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The Poison Ivy League Part 9-Feeling Out the Harvard Team

May 3, 2011

Considering how many teams have debated on APDA, are debating on it now, and will debate on it in the future, it is remarkable how many memories of long car rides, horrendous “banquets,” and nights spent on sofas and floors will die over time. Next will disappear the recollection of old friendships and rivalries, and finally, the activity in all its colors will blend into the muted pastels of the half-remembered college experience itself. It’s unfortunate that every team doesn’t have a Kimel to record its ups and downs. Sometimes as he wrote, he thought about Cornell, so far away from the other schools, and the dedication of the senior members of that team, who nurtured Licinius (who was NOTY), Titus (who was not), and Cato (who perhaps should have been), three of the best debaters in the 2004-2005 season. There are certainly a thousand and one anecdotes for every individual one recorded here.

Sulla A and Kimel went to the Wesleyan tournament together and found that their dynamic as a two-person team was less magical than they would have hoped. Sulla was invariably nervous before rounds, and Kimel afterwards, so that there was a constant tension between them. Sulla consistently delivered good speeches in his polished, deliberate style, but when he slipped up, he did so with melodramatic flair, like during a round where he casually mentioned the mentally handicapped children who once lived in the attic with Kimel and thoroughly confused the campus judge. Kimel’s style, more extemporaneous, fast, and lively, consistently showed him off to the worse advantage in terms of their individual performances per round. Still, they did well enough to break, hitting MIT A in quarter-finals. Sulla was also fifth speaker, not a mean accomplishment for a sophomore.

As Government, Harvard ran the case “Opp choice” (letting the Opposition decide on their stance), whether the Brothers Grimm should have sanitized their fairytales of the grizzlier and sexier aspects of the oral and textual traditions from which they drew their stories. Sulla and Kimel lost the round deservedly, but this was a great case that would serve Kimel well until the end of his senior year, as was one that argued the Catholic Church should repudiate excommunication due to its lack of Christian spirit. Gallus did not perform as well in the round as Marcus. Both had evidently begun the activity as stammering failures, but gained cocky confidence over the years, so that Marcus was an intimidating force by 2002-2003, and Gallus was equally formidable, at least when he was on. As the Romans put it: they are able, who seem to be able.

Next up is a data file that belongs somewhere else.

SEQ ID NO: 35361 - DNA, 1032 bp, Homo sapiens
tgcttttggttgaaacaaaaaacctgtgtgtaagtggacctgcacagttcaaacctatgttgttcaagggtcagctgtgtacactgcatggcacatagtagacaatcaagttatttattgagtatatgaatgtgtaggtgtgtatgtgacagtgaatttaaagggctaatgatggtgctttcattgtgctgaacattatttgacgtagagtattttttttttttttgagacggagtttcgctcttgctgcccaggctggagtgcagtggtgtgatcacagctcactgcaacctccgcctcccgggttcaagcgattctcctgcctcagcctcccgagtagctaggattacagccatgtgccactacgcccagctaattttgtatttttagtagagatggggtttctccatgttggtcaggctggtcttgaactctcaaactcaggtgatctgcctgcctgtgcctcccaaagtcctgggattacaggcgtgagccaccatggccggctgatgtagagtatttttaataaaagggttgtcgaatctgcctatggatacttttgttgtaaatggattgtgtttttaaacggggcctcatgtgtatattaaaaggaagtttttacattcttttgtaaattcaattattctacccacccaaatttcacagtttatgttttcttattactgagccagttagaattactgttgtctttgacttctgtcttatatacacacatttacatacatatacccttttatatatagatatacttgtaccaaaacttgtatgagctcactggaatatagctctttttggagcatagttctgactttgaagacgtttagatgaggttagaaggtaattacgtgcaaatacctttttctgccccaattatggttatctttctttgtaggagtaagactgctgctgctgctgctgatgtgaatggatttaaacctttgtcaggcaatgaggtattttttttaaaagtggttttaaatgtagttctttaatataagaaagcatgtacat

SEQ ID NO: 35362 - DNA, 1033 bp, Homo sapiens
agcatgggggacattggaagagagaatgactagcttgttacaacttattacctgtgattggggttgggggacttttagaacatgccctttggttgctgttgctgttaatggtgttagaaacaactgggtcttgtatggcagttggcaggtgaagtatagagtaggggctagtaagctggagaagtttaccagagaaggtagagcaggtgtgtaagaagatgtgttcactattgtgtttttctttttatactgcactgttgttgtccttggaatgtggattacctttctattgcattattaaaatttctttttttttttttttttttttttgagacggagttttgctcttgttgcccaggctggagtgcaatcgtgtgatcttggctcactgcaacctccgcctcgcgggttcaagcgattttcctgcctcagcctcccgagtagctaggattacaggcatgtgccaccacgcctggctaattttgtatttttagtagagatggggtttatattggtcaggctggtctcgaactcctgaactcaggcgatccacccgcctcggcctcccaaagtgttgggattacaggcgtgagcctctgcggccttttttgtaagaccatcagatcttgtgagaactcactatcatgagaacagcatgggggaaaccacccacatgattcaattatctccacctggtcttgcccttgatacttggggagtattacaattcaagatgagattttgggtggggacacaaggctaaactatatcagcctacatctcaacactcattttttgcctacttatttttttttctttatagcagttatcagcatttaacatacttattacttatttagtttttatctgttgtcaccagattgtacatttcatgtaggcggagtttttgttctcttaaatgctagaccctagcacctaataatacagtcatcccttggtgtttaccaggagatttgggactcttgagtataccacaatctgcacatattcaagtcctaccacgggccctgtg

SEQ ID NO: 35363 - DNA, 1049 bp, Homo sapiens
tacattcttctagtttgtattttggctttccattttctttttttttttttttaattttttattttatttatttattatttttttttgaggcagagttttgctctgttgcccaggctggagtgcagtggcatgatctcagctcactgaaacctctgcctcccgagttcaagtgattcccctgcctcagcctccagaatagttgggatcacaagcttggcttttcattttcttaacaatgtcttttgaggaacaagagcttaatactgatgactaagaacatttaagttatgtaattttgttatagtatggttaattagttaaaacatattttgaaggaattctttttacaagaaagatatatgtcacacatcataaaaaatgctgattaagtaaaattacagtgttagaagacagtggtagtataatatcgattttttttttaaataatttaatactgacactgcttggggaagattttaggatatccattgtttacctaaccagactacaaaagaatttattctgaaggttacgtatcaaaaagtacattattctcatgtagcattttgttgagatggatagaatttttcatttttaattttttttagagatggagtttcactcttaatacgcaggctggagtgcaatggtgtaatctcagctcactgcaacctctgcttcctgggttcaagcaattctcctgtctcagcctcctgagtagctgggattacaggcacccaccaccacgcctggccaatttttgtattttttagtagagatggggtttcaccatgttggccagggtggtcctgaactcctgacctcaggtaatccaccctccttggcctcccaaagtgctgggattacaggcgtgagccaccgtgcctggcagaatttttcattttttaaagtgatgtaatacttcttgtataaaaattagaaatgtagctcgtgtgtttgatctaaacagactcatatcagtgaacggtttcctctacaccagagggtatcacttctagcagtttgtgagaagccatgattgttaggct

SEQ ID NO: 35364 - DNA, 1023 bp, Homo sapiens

Harvard was thrilled when Scipio reached the final round of the tournament with Cynthia, the Singaporean Vice President and Comp Director, beating out Cyrus from BU in semi-finals. Cynthia had a crystal clear, veddy British accent. Claudia, Agrippina’s usual partner (when they debated at all), was also from Singapore, so it was unclear why their ways of speaking were so different. Claudia was a brutal debater who thought quickly on her feet, but Cynthia, gossipy and sweet, was more pleasant company.

It’s clear that Scipio enjoyed a very promising start to the year, appearing in two final rounds in almost as many weeks. He was a unique debater—not rhetorically impressive, but a brilliant thinker who made one excellent point after the next. He only improved over time. Fabius was more consistently eloquent, but often not as incisive. On the topic of Fabius, at the following week’s Vassar tournament, he and his girlfriend, Messalina, placed second. Pallas, the be-spectacled senior, placed fifth with a sophomore on the team who had served in the tabulation room of the Harvard tournament, virtually dubbing him the next Vice President and Tournament Director (there were two Vice-Presidential positions on the team then): Jason Wen. Kimel and he decided to debate with each other at an upcoming competition, since none of the people in their class had consistent partners yet and they’d both seen early successes. First, they competed as Harvard E at Brandeis and went 3-2. Luckily, they decided to give it another go at Bryn Mawr, and here was the future Harvard A’s first success story.

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